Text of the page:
Sudha almost quit sport due to illness in 200

Lucknow: A prolonged bout of illness in 2005 had almost pushed Sudha Singh, who won a historic gold at the Asian Games in the steeplechase event, to the brink but the fear of losing her Railways job kept her going.

Sudha won the 3000m run at Guangzhou as Indian athletes put up a remarkable show at the sporting extravaganza.

The runner from Rae Bareilly said her confidence took a nosedive when she failed to recover from illness and even thought of giving up her sports career but the benefits of the government job kept her going.

"After getting a job in the Railways in Mumbai through the sports quota following good performance in several events I fell seriously ill for about one year and during this period I had thought of almost giving up sports," Sudha, on a visit to her home district after returning from China, told PTI.

"I had lost confidence during that phase but I think it was the fright of losing the job which came to me. It motivated me to make another attempt and the journey that followed thereafter resulted in bringing accolades not just for me but also the country and Guangzhou was a golden destination in this long journey," she said.

Sudha, who has had her earlier training in the K D Singh Babu stadium in Lucknow said that in her preliminary stages also said that she had never thought of making sports a career, leave alone winning a gold.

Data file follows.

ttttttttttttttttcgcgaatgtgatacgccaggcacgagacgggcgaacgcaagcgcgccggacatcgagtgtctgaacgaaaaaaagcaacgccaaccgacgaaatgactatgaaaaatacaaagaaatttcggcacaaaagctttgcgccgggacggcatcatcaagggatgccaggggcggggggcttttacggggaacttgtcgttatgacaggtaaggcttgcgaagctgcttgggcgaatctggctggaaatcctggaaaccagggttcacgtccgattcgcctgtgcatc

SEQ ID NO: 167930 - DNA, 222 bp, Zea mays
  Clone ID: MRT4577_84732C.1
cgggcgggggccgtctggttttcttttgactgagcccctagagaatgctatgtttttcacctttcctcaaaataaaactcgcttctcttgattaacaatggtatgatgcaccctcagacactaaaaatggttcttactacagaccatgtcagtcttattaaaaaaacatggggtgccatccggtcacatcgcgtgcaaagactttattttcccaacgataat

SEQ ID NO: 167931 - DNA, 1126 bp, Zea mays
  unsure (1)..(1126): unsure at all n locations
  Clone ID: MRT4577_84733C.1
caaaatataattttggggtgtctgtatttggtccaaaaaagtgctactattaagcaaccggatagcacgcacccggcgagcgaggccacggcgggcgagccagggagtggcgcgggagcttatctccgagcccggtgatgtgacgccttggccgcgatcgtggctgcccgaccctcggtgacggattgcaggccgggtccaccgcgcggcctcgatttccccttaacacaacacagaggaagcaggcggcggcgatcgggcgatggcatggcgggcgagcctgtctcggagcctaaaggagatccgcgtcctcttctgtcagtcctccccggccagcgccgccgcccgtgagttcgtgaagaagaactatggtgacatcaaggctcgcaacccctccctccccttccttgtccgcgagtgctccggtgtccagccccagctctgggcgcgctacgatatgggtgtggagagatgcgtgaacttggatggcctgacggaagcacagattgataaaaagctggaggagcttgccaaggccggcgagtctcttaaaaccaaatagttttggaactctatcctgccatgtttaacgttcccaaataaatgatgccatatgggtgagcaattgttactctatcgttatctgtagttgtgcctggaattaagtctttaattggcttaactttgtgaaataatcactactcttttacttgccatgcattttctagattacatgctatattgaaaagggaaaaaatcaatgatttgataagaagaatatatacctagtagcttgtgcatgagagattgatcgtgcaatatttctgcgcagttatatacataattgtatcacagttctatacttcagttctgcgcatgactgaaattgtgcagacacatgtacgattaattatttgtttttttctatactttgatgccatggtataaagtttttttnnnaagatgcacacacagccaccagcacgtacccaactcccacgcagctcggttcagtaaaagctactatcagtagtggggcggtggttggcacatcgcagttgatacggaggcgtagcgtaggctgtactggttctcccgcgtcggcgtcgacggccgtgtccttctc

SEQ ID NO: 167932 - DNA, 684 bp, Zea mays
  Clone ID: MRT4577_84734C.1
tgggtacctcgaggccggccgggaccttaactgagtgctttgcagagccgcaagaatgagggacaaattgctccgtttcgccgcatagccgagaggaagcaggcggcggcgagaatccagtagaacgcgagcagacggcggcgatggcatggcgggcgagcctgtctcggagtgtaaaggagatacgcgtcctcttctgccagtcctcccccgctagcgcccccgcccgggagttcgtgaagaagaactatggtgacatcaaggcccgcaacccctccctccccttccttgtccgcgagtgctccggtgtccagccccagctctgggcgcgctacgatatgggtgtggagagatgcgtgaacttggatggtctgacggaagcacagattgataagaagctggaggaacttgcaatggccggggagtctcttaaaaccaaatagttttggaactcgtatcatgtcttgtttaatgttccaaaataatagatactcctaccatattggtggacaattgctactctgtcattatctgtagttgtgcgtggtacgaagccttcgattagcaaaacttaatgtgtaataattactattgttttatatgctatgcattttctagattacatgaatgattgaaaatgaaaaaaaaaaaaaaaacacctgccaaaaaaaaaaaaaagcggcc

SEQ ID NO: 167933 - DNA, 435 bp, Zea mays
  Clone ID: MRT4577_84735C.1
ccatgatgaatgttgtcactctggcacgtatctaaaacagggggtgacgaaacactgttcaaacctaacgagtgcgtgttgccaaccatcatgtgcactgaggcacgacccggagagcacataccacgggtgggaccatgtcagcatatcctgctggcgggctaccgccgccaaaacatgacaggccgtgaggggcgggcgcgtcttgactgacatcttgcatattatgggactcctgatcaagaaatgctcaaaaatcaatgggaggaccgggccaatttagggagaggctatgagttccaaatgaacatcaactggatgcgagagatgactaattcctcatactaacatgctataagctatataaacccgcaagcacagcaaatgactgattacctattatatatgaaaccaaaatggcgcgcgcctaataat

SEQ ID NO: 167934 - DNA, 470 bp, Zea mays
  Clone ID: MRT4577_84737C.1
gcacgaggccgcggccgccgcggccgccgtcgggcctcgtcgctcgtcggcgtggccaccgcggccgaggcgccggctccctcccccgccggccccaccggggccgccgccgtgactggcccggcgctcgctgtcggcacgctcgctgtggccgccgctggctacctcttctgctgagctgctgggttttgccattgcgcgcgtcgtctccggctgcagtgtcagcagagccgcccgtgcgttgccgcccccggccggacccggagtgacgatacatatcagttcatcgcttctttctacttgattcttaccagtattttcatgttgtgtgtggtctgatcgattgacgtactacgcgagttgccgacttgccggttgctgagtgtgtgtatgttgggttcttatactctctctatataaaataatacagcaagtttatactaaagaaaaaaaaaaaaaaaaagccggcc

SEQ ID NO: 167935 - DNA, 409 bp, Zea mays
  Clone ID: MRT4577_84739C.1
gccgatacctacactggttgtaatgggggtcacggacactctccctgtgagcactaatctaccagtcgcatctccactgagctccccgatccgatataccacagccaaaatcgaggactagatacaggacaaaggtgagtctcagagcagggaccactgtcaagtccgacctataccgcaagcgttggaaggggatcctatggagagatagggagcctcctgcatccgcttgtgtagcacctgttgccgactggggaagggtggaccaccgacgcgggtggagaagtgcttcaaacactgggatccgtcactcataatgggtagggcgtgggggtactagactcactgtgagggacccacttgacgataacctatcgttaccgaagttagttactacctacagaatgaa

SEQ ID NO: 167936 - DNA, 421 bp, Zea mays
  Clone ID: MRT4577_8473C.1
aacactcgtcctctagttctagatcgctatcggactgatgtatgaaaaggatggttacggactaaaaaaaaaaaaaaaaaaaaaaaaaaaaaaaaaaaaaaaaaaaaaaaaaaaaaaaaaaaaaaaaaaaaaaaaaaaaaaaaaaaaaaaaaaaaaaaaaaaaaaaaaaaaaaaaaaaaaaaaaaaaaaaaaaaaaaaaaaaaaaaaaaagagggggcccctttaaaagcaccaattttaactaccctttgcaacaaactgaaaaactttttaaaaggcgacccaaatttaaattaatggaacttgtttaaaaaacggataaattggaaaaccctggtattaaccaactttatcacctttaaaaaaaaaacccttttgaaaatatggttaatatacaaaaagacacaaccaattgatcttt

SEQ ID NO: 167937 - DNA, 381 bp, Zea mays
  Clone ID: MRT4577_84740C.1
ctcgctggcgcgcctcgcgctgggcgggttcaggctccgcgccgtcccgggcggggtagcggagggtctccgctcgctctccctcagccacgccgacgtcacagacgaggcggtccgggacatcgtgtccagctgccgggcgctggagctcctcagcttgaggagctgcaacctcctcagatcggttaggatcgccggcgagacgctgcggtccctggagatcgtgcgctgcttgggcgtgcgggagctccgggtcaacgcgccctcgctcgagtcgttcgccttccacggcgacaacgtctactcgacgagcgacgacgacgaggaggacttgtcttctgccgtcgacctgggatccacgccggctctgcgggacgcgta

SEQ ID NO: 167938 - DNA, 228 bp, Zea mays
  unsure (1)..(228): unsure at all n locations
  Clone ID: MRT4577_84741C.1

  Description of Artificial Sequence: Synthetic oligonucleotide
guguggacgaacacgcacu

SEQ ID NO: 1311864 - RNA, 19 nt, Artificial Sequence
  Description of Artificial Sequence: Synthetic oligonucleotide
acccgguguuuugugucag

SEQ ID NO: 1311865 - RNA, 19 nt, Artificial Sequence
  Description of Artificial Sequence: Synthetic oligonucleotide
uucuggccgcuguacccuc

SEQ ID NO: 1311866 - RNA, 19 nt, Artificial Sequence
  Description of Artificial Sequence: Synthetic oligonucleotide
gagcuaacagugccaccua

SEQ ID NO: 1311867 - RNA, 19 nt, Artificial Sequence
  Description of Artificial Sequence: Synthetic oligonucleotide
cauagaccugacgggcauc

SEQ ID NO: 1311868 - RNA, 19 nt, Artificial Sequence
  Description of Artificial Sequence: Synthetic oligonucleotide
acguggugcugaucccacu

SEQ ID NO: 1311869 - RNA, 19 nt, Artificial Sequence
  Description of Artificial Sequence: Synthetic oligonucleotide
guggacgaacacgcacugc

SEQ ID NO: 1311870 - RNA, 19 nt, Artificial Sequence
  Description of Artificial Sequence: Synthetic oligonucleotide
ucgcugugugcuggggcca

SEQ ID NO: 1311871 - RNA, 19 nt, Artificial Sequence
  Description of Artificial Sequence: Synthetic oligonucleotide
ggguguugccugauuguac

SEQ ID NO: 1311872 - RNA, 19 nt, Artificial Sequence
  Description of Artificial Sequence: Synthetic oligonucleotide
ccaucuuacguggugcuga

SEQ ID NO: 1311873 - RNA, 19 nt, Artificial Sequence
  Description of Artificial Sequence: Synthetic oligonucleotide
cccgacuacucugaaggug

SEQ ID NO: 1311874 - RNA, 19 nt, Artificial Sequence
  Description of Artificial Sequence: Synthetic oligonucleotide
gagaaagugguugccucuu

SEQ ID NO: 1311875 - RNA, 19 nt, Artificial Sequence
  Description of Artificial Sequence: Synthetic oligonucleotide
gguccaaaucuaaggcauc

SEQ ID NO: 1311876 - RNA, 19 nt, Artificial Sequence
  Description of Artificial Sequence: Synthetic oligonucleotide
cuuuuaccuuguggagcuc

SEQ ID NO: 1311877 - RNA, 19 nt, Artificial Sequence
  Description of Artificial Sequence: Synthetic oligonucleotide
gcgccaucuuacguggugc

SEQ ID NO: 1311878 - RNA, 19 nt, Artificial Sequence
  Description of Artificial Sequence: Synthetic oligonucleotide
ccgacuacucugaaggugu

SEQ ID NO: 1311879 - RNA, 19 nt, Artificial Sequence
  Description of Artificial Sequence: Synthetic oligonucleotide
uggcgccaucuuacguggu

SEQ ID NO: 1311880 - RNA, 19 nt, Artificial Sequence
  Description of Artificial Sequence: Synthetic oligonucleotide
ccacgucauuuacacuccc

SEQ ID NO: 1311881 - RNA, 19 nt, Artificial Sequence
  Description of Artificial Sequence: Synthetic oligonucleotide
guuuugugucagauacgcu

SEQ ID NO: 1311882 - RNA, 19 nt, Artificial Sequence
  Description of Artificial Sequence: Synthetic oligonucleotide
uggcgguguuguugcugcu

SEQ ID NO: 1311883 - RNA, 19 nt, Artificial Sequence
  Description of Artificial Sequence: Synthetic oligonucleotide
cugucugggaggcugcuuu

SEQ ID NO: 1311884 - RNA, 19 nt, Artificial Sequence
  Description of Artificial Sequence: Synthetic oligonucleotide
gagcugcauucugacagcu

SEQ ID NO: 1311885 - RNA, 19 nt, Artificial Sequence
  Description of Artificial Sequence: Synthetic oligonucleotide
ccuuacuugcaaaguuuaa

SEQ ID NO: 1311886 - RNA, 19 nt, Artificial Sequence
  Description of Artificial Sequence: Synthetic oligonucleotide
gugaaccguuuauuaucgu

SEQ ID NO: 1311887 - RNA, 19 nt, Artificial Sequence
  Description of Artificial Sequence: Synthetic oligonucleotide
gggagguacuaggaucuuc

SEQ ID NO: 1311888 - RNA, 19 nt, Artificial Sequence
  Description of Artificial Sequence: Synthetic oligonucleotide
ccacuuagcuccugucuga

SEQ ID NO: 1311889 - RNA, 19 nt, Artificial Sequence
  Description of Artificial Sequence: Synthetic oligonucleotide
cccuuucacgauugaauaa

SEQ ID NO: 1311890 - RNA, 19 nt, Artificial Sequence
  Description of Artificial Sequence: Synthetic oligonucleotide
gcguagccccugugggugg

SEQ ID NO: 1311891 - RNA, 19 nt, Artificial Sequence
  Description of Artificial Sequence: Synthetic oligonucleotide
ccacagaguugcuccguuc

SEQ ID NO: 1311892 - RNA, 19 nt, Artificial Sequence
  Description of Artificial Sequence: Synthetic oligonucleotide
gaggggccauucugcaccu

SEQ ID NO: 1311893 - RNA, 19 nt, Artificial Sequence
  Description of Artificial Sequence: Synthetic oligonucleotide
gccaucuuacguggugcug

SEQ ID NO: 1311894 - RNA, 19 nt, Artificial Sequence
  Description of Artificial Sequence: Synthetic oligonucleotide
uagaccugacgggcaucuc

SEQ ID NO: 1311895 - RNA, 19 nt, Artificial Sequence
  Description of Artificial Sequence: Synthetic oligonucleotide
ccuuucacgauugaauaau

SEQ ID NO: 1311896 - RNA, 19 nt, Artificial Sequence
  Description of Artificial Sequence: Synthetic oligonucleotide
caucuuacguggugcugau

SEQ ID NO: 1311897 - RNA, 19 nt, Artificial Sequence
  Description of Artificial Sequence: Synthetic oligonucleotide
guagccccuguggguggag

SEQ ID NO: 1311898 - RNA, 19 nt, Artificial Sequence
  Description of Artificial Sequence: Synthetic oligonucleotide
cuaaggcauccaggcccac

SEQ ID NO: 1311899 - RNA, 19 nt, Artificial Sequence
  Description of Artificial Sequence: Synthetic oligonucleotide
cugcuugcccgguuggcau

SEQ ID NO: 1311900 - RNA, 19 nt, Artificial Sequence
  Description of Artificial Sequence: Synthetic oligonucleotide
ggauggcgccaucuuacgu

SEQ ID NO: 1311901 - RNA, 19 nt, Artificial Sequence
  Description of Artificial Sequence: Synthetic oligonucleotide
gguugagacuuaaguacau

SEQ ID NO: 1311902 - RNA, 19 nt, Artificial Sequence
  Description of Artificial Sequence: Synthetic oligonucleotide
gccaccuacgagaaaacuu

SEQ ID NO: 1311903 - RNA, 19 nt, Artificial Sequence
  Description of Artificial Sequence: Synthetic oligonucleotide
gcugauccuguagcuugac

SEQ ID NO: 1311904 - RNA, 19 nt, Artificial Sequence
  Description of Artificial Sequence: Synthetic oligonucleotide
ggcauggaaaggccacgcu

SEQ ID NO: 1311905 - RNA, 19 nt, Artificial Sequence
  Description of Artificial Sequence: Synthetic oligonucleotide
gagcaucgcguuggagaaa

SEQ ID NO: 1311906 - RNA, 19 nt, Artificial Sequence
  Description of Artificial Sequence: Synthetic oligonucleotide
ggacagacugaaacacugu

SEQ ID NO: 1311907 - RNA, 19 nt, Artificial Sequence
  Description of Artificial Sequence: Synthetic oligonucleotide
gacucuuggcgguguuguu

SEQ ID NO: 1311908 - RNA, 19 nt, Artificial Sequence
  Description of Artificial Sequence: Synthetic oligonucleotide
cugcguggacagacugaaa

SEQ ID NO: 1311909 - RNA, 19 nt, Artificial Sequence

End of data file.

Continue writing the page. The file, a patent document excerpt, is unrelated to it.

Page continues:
"I rather started by competing in school events and that gradually resulted in me making sports a full time career," she said, adding that she never guidance from any top athlete.

Success at the school level brought her to Lucknow and after finishing sixth in the steeplechase event in the 2006 inter-railways competition, she decided to make sport a full-time career.

She had also won the gold in the Guwahati National Games in 2006 which she said started her golden journey in the world of athletics.

She is hoping that her winning streak would continue and that she would be able to repeat her performance in 2012 London Olympics.

Sudha reckons that talent was in abundance in villages and rural areas of the state and could be groomed into world class sportsmen with proper guidance and training.